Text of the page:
Although they are saying it is not because of the complaints, we can see how sometimes marketing can be an inhibitor of sustainable tourism, especially if such campaigns trigger strong growth in visitor numbers, but little improvement of destination sustainability.
There are lessons to learn from these two examples:
- When destination marketing focuses on getting more visitors, as opposed to getting more revenue/value, it inhibits sustainable tourism and risks creating a mass tourism destination that responds to visitor needs and isolates locals.
- Destination branding may be detached from reality, in an effort to push to numbers.
One trend mentioned in previous interviews is a stronger focus on the social component of sustainability, especially gender equality and community well-being. To your mind, how can tourism act as a positive force in those areas, for instance in Africa?
In Africa, tourism is dependent on attractions that are found in rural areas. This is particularly true for countries in Eastern and Southern Africa that depend on wildlife and beach tourism.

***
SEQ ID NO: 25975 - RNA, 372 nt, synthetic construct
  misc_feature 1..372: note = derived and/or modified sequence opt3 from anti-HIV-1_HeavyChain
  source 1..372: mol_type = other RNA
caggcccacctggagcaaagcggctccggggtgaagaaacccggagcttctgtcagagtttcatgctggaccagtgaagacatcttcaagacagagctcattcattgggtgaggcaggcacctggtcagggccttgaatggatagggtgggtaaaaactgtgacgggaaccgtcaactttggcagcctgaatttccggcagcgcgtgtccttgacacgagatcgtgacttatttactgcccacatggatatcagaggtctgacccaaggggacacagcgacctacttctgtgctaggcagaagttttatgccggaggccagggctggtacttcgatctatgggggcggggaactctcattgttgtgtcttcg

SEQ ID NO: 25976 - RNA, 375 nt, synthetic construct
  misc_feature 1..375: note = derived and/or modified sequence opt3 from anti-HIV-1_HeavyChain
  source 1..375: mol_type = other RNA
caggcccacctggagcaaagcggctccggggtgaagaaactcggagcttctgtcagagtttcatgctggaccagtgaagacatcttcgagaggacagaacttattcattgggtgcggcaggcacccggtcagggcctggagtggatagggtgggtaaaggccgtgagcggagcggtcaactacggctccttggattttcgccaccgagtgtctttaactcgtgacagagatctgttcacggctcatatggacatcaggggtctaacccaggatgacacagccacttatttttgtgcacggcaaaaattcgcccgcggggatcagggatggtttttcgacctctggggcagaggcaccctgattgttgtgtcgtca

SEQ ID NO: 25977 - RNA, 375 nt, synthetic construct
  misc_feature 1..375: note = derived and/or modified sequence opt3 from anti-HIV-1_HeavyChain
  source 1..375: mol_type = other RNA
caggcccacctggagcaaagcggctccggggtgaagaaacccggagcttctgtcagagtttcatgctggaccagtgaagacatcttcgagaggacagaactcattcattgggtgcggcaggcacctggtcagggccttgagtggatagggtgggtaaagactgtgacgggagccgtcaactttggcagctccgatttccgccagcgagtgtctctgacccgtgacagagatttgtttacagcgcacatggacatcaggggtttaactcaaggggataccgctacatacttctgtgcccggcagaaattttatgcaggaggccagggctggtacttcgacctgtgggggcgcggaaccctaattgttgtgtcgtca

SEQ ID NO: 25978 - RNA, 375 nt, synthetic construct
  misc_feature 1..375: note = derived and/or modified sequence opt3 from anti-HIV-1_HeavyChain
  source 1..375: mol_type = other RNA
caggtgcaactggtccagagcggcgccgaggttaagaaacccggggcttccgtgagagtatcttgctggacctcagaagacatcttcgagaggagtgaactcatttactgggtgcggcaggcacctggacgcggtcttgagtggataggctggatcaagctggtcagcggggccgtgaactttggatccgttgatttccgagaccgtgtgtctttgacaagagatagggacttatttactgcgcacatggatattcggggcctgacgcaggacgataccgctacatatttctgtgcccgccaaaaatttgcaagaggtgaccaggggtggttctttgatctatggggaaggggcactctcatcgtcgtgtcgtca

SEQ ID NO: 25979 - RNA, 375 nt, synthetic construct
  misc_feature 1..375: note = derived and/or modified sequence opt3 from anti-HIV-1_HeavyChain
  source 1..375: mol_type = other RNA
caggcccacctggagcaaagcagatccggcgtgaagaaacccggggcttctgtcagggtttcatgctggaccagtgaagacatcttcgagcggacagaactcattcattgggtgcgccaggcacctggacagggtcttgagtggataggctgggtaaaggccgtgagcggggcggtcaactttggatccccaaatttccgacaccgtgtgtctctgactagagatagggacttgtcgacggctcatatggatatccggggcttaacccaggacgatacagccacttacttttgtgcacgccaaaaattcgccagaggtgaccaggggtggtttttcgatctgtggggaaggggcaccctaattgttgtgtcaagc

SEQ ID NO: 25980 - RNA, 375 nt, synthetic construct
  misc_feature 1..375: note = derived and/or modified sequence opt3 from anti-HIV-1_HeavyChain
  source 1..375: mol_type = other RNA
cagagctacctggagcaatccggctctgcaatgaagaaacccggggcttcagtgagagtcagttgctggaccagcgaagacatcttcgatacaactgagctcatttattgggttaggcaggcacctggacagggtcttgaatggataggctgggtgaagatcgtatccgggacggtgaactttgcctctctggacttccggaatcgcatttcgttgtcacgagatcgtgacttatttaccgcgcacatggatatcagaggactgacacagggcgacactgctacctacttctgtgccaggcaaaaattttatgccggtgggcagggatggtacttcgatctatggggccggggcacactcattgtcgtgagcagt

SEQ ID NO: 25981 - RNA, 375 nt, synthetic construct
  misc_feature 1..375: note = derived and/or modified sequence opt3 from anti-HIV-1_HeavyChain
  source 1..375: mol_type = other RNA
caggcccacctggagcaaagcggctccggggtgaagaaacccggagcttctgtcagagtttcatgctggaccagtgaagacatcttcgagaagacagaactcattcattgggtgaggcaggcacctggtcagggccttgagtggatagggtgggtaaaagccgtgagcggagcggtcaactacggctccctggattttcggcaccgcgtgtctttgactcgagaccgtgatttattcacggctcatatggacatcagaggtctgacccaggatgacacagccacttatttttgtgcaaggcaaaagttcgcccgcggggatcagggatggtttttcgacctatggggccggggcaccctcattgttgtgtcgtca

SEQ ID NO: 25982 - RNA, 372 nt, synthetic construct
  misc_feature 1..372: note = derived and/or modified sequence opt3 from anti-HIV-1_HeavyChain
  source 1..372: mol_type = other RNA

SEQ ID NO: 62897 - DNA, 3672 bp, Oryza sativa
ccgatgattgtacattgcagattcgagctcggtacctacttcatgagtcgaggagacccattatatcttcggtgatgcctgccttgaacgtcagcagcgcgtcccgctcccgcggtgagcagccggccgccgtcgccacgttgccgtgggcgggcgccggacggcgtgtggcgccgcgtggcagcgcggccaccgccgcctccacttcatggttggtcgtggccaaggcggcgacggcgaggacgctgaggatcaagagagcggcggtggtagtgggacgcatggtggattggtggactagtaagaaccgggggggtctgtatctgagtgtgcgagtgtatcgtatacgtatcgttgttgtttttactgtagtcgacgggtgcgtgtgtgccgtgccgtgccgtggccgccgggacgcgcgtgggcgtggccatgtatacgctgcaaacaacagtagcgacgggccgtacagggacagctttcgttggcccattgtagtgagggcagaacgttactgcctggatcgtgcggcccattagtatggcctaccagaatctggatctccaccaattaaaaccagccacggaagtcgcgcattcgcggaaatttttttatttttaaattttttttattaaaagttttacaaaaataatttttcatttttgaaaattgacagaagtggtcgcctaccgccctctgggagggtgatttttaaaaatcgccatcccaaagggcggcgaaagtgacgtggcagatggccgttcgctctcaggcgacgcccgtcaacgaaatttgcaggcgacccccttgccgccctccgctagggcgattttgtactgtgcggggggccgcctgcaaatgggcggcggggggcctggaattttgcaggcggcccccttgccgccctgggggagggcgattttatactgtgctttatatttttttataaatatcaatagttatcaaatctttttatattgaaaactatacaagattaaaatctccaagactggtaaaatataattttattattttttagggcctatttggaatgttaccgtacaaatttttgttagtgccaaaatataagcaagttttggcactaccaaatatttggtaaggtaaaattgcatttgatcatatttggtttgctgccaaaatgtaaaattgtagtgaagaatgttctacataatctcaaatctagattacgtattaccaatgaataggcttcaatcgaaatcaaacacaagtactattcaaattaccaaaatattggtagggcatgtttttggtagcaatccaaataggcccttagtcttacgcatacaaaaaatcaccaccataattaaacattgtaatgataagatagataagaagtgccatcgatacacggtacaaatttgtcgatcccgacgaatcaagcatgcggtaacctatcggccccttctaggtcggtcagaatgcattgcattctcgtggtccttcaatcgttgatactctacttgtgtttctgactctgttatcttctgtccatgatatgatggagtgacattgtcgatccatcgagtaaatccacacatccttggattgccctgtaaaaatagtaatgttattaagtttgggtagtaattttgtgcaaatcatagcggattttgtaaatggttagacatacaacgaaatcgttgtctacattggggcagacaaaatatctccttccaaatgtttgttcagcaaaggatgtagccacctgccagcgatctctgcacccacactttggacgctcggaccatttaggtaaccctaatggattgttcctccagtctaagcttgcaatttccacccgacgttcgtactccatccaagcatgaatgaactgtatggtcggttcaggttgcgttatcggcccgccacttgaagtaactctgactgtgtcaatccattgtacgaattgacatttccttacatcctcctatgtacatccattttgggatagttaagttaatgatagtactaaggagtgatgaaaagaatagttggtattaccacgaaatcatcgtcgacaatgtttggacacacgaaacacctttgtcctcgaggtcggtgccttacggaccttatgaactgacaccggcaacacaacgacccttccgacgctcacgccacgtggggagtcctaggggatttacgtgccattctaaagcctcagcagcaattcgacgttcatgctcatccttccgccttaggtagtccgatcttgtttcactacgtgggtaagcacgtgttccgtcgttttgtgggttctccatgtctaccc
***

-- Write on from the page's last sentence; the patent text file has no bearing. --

Women form a large percentage of rural populations in Africa. They also form the highest percentage of unskilled labour, apart from being oppressed by cultural practices that perceive them as being of lesser value than men.
Tourism relies heavily on human resource and other industries to deliver its services. Because of this, the sector has been recognized to have great potential of generating employment opportunities, both directly and indirectly, and for both skilled and unskilled labour.
If tourism is truly sustainable, it will empower the women to join the tourism supply chain, to reduce gender parity in as far as income is concerned. It will employ women, both skilled and unskilled, by creating a flexible environment for women to work, learn, and grow.